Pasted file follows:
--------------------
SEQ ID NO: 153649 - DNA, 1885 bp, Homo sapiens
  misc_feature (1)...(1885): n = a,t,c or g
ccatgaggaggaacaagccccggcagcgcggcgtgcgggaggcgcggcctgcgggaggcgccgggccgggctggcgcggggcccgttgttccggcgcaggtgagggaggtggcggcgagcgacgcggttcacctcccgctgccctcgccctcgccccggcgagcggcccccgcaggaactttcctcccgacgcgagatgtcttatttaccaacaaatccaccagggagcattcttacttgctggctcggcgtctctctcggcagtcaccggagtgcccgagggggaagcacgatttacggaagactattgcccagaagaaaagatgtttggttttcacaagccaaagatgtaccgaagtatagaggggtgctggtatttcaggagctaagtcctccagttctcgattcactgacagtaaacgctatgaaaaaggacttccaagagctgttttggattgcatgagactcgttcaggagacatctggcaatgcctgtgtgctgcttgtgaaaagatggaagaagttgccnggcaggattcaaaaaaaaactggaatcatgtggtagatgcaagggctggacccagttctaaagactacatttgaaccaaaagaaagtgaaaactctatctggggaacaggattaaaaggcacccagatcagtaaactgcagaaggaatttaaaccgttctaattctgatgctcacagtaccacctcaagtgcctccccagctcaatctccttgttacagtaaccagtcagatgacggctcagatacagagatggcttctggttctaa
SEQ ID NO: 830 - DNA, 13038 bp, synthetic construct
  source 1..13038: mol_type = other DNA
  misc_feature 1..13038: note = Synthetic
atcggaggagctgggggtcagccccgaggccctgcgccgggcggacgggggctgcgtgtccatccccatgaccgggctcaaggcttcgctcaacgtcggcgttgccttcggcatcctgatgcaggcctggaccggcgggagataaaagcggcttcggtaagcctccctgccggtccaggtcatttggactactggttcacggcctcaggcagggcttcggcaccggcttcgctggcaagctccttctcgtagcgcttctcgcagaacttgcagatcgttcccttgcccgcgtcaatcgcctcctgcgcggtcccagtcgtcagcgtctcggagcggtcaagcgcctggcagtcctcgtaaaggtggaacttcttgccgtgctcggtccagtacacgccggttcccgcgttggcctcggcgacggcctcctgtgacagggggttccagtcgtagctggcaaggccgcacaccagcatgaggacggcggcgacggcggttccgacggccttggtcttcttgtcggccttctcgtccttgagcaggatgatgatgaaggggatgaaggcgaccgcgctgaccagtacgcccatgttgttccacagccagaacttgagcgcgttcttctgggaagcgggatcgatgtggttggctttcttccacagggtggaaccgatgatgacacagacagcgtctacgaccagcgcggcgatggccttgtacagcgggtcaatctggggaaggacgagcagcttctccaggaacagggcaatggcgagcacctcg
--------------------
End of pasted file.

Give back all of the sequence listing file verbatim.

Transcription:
SEQ ID NO: 153649 - DNA, 1885 bp, Homo sapiens
  misc_feature (1)...(1885): n = a,t,c or g
ccatgaggaggaacaagccccggcagcgcggcgtgcgggaggcgcggcctgcgggaggcgccgggccgggctggcgcggggcccgttgttccggcgcaggtgagggaggtggcggcgagcgacgcggttcacctcccgctgccctcgccctcgccccggcgagcggcccccgcaggaactttcctcccgacgcgagatgtcttatttaccaacaaatccaccagggagcattcttacttgctggctcggcgtctctctcggcagtcaccggagtgcccgagggggaagcacgatttacggaagactattgcccagaagaaaagatgtttggttttcacaagccaaagatgtaccgaagtatagaggggtgctggtatttcaggagctaagtcctccagttctcgattcactgacagtaaacgctatgaaaaaggacttccaagagctgttttggattgcatgagactcgttcaggagacatctggcaatgcctgtgtgctgcttgtgaaaagatggaagaagttgccnggcaggattcaaaaaaaaactggaatcatgtggtagatgcaagggctggacccagttctaaagactacatttgaaccaaaagaaagtgaaaactctatctggggaacaggattaaaaggcacccagatcagtaaactgcagaaggaatttaaaccgttctaattctgatgctcacagtaccacctcaagtgcctccccagctcaatctccttgttacagtaaccagtcagatgacggctcagatacagagatggcttctggttctaa
SEQ ID NO: 830 - DNA, 13038 bp, synthetic construct
  source 1..13038: mol_type = other DNA
  misc_feature 1..13038: note = Synthetic
atcggaggagctgggggtcagccccgaggccctgcgccgggcggacgggggctgcgtgtccatccccatgaccgggctcaaggcttcgctcaacgtcggcgttgccttcggcatcctgatgcaggcctggaccggcgggagataaaagcggcttcggtaagcctccctgccggtccaggtcatttggactactggttcacggcctcaggcagggcttcggcaccggcttcgctggcaagctccttctcgtagcgcttctcgcagaacttgcagatcgttcccttgcccgcgtcaatcgcctcctgcgcggtcccagtcgtcagcgtctcggagcggtcaagcgcctggcagtcctcgtaaaggtggaacttcttgccgtgctcggtccagtacacgccggttcccgcgttggcctcggcgacggcctcctgtgacagggggttccagtcgtagctggcaaggccgcacaccagcatgaggacggcggcgacggcggttccgacggccttggtcttcttgtcggccttctcgtccttgagcaggatgatgatgaaggggatgaaggcgaccgcgctgaccagtacgcccatgttgttccacagccagaacttgagcgcgttcttctgggaagcgggatcgatgtggttggctttcttccacagggtggaaccgatgatgacacagacagcgtctacgaccagcgcggcgatggccttgtacagcgggtcaatctggggaaggacgagcagcttctccaggaacagggcaatggcgagcacctcg